When it first went online, during the May 31 OpenStreets celebration, only about 1/4 of the stations and bikes were up and running. It took most of that first month to bring all the stations online. The last I checked, 49 of 50 were up.

For short, one-way trips, the $2-for-30-minute rental works quite well. An Oakland-to-downtown trip, or downtown-to-Northside, can actually be done cheaper and faster by bike than by bus, particularly if you have to wait even a few minutes for the bus.

The bikes work pretty well. Each is equipped with head- and taillights, though they shut off when you come to a stop. I wish they had a small battery system that kept the lights running after coming to a stop. If I'm riding after dark and waiting at a traffic light, I at least need to be seen by other drivers, if not also scope out the area I am about to traverse.

Gearing is OK, but could be better. They are equipped with a seven-speed IGH (internal geared hub), so there are no external gears to grease up your pant cuffs. The range seemed geared too high for my tastes. While I did not take it up any steep hills, I did climb Shady from Fifth to Wilkins on one, and that was tougher than I expected. Note that I regularly climb Federal Street, so am no stranger to hills. 

Then there was the slippage. Not one of the bikes stayed reliably in all seven gears all the time, though some were worse than others. Worst seemed to be the mid-range 4th and 5th gears. The situation did improve during the month. I suspect that problem bikes were identified and adjusted, and I hope that this will continue to improve.

They were comfortable to ride, smooth and cushy, unlike my own bikes which are built for road travel, and so give a rough ride. These have step-through frames, so no need to throw a leg over to get on. Each has a small basket, but if you have to carry something, I recommend bringing a tote bag to contain it and a bungee to hold it in place better.

Station spacing could be better, but I think this was as much my own learning curve as anything. One station is right outside the office building where I work, but I did not figure out where the best places to turn in were on the other end, at least not without some practice. At that, I found I could sometimes make the return trip faster on foot. For anyone else, just be sure where you are going before you take out the bike.

I did mount the bike on a Port Authority bus rack once. They're heavy bikes, 38 pounds (? check that) -- not so heavy that they strain the rack's weight capacity, but heavy enough that a small or non-athletic rider might have trouble lifting it onto and off the rack.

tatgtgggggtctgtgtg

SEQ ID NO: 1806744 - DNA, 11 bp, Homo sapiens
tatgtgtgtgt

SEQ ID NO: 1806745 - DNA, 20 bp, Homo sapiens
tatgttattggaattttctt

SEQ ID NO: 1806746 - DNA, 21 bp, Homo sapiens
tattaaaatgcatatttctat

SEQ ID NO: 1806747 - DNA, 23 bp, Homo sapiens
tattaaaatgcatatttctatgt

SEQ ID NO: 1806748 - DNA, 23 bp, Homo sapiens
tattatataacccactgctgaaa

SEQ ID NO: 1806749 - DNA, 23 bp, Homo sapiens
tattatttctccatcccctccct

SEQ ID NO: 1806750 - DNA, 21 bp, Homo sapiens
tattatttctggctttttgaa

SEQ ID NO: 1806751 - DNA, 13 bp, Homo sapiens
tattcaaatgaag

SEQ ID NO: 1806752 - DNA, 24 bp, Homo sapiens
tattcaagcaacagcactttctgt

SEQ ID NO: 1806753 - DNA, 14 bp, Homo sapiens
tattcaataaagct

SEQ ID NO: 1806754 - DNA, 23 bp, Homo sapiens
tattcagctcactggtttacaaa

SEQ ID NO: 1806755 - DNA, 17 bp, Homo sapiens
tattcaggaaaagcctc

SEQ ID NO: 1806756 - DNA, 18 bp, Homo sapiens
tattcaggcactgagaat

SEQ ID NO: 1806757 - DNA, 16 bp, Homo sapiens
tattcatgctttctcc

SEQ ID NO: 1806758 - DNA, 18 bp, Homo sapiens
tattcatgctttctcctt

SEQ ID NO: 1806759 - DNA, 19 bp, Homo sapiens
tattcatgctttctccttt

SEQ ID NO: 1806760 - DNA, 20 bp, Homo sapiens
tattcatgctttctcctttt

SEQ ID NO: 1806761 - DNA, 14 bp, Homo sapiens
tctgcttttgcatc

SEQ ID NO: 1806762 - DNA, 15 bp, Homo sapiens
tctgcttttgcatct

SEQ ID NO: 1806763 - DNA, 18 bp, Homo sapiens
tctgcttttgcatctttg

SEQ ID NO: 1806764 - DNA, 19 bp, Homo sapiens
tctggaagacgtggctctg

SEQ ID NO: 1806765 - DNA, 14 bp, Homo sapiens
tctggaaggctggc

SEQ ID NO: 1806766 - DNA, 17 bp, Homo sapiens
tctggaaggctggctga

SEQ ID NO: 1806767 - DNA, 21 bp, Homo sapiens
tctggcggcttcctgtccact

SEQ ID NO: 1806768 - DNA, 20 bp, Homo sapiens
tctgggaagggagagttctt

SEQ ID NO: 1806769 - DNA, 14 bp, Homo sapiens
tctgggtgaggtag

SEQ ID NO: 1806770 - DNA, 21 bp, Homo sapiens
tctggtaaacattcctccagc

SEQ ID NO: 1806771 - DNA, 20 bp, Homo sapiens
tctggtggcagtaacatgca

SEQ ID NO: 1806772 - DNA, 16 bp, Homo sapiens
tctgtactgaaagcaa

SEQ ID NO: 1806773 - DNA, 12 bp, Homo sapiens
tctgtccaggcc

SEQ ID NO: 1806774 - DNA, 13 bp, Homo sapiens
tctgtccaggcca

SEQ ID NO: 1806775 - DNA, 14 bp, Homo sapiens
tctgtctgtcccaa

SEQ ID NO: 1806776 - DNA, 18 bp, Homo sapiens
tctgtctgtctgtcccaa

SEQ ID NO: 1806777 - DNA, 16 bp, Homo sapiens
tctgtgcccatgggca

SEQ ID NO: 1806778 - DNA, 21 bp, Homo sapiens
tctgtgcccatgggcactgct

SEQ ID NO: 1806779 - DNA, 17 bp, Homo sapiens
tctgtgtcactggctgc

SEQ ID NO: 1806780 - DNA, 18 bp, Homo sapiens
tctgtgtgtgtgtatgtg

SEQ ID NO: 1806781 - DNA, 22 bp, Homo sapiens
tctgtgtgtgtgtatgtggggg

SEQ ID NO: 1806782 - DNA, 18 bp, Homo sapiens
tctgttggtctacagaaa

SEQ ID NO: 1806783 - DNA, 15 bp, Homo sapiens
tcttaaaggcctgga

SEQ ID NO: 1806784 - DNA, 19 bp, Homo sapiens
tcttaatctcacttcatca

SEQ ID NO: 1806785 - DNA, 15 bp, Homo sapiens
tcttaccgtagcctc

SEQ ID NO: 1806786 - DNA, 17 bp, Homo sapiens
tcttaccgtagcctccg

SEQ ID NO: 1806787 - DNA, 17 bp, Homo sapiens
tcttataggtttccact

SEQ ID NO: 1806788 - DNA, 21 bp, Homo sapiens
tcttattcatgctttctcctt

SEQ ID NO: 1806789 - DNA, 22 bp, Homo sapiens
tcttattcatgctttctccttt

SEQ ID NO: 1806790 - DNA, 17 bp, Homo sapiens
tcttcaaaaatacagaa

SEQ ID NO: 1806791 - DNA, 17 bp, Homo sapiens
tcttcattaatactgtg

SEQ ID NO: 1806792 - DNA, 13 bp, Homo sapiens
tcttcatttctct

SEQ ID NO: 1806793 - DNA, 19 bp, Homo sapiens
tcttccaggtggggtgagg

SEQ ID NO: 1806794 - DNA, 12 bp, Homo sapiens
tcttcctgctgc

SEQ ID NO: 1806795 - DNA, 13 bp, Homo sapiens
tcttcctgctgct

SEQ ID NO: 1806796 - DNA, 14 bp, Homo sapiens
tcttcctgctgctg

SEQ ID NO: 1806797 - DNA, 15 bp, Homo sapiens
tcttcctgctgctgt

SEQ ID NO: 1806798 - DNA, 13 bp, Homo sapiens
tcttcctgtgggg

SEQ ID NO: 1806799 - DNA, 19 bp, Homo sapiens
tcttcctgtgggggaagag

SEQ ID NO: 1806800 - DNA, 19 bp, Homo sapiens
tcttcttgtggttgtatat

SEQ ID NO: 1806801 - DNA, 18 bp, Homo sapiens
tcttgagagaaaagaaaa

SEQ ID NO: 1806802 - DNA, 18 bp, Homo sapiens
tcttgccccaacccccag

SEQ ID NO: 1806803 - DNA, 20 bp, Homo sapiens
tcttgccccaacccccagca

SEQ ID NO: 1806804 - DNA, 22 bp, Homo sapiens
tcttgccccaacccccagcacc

Renting the bikes was simple. I just made sure the phone app was started as I came down the elevator, then a quick beep as I scanned the QR code, gave it a yank and was on my way. After over a dozen rentals, I never did get the knack of returning the bike quickly, though I got better with practice. In theory I should be able to roll up to a station rack, shove it into place, get a beep and a blink, and walk away. But I learned to look at the phone app and make sure the system acknowledged that the bike was returned properly. Again, practice. Worst case scenario, I could not get it to work, so had to call the Customer Service number and let them know where the bike was (e.g., locked to a nearby fence). Problem was, that one time I was a little tight on time and so missed the bus I was trying to catch. 

Some have reported trouble with the built-in lock. The couple times I used it, I had no trouble at all. As with anything, YMMV.

I fear that learning these will be like learning the transit system for the first time. It took a bunch of tries to get the hang of making it work smoothly and knowing where to go. Similar to seeking out the best parking garage to drive to instead of having an ocean of asphalt outside every destination, as in the suburbs, there is some inherent human tuning that some people will figure out and some people will not.

Totally separate is the issue of knowing how to ride in traffic. Myself, I am quite comfortable taking a full lane of traffic, whether on a multi-lane street (Grant, Forbes, 7th or 16th St Bridges) or a one-lane-each-way street (Butler, East Carson, Wilkins). I saw plenty of edge-huggers, "salmon" (wrong-way) and sidewalk riders. The safest place is in the street and in the lane, but getting people to do that is not HealthyRide's job -- though I would hope they would say that themselves.